The Revd Professor Richard Burridge is Dean of King’s College London and Professor of Biblical Interpretation, and a leading expert on the gospels. He has written the standard academic work on the gospels entitled: What Are the Gospels?: A Comparison with Graeco-Roman Biography (2004, Cambridge University Press).
‘Some modern studies assume that if there is ‘fiction’ in the gospels, then they are inauthentic or unreliable. However, closer attention to literary criticism shows that no one wrote a classical biography to provide a documented historical text as we might capture something with a tape recorder, but rather in an attempt to get ‘inside’ the person.
Thus, John’s stress on ‘truth’ is not about documented fact but the higher truth of who Jesus is, which is why he writes in a biographical format. For him, Jesus is ’the way, the truth and the life’, so his Jesus says these words (John 14.16). To ask whether Jesus actually ever spoke these words is to miss the point completely. This is neither a lie nor a fiction; it is simply a way of bringing out the truth about the subject which the author wishes to tell the audience.’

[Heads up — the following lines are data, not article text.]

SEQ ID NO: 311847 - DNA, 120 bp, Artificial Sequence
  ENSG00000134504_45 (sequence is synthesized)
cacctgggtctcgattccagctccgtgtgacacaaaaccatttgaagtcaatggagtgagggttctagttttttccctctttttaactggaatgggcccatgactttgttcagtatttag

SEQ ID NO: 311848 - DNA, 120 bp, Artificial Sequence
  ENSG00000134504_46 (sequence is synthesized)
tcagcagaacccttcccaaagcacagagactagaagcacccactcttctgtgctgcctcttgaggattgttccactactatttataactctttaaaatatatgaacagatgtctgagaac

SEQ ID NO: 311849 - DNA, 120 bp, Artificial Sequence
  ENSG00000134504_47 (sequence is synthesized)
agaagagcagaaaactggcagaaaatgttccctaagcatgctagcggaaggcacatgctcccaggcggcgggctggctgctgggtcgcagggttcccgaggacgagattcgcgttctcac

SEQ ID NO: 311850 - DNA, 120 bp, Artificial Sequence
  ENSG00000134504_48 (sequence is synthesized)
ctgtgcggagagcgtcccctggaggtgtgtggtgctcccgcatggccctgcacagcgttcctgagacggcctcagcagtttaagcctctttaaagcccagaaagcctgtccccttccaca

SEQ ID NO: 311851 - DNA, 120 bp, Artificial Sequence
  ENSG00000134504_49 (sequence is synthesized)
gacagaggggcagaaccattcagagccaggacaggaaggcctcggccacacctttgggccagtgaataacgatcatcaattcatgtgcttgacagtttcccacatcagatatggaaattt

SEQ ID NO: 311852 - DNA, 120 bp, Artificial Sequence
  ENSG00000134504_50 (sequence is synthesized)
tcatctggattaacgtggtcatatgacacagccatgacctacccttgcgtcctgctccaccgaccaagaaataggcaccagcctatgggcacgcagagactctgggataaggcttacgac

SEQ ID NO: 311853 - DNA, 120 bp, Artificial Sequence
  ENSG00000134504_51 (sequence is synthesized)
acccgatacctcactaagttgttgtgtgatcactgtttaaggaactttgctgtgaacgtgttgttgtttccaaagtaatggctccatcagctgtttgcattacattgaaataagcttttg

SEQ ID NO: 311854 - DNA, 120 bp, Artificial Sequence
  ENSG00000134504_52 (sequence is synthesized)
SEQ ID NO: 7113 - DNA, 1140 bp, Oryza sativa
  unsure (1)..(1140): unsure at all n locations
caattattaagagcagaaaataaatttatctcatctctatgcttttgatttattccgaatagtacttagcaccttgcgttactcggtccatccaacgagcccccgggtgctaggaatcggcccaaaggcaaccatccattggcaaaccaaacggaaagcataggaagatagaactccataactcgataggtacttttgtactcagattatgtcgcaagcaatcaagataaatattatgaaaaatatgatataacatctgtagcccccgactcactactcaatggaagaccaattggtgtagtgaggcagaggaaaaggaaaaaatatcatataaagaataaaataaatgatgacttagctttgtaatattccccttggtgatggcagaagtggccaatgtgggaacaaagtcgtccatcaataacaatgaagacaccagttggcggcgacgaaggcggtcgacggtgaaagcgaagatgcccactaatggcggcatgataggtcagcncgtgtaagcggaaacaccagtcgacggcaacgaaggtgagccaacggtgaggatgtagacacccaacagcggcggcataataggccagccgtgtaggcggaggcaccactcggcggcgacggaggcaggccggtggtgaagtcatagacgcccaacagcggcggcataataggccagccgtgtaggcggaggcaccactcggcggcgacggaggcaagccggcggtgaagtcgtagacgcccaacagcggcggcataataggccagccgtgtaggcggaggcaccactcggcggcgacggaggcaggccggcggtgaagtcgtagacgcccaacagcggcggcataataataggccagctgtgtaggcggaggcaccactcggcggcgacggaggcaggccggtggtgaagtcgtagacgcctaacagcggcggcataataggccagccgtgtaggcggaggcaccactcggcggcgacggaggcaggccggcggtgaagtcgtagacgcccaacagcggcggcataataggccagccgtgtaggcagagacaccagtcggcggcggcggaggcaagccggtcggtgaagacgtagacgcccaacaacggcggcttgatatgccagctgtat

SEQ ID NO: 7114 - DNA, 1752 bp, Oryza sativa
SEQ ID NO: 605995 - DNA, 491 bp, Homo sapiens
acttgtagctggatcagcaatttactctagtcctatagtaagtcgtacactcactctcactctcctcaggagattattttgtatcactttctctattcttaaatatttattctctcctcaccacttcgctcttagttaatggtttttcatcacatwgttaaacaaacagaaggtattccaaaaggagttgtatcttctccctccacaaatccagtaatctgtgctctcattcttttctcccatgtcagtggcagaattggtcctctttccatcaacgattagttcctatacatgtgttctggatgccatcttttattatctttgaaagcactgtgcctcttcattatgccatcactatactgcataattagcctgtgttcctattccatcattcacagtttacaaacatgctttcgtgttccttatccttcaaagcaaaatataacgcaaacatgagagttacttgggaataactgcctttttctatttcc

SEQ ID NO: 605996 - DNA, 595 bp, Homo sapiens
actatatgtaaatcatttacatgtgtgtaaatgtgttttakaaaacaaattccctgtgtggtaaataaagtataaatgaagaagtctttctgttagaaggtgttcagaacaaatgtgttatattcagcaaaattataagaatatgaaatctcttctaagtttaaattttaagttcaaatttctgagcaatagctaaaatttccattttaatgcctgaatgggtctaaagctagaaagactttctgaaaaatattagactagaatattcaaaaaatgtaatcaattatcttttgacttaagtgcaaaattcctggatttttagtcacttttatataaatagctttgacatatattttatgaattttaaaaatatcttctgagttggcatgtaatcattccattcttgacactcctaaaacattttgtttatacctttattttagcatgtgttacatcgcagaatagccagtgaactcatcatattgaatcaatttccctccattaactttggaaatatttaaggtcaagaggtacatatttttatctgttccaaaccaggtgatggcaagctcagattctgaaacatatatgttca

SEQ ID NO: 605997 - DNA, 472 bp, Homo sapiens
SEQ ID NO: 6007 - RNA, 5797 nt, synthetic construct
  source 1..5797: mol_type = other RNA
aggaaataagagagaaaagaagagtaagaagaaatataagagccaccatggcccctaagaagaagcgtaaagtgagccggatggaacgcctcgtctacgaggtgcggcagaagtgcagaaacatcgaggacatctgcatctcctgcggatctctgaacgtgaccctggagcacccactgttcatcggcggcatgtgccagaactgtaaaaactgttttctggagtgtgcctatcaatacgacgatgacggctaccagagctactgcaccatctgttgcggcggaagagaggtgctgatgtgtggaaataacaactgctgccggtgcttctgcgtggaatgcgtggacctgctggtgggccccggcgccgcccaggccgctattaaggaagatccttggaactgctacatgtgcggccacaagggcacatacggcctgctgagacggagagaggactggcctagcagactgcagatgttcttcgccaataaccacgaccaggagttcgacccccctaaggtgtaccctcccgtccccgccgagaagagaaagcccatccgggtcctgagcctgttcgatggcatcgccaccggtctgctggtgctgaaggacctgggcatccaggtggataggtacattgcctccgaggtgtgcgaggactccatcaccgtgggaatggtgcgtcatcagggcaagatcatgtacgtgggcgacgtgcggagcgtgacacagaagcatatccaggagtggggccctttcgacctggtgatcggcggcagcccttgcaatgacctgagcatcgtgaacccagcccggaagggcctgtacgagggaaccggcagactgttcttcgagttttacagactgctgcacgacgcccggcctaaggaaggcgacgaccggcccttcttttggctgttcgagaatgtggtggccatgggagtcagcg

pp 67-68 in Jesus Now and Then published by SPCK 2004.
I disagree with Dr Burridge when he says: ‘To ask whether Jesus actually ever spoke these words is to miss the point completely’. I believe that if we wish to do responsible Jesus research then this is precisely the kind of question we must ask. For Muslims the challenge is a familiar one: in our use of hadith the first question to be asked is, is it authentic? Have these purported words of Muhammad been reliably transmitted through known chains of narration? Not all hadith will pass the test. Likewise we must test the authenticity of words attributed to Jesus.
We will note that the Christians’ own eminent experts on the four gospels have reached unsettling conclusions about their historicity.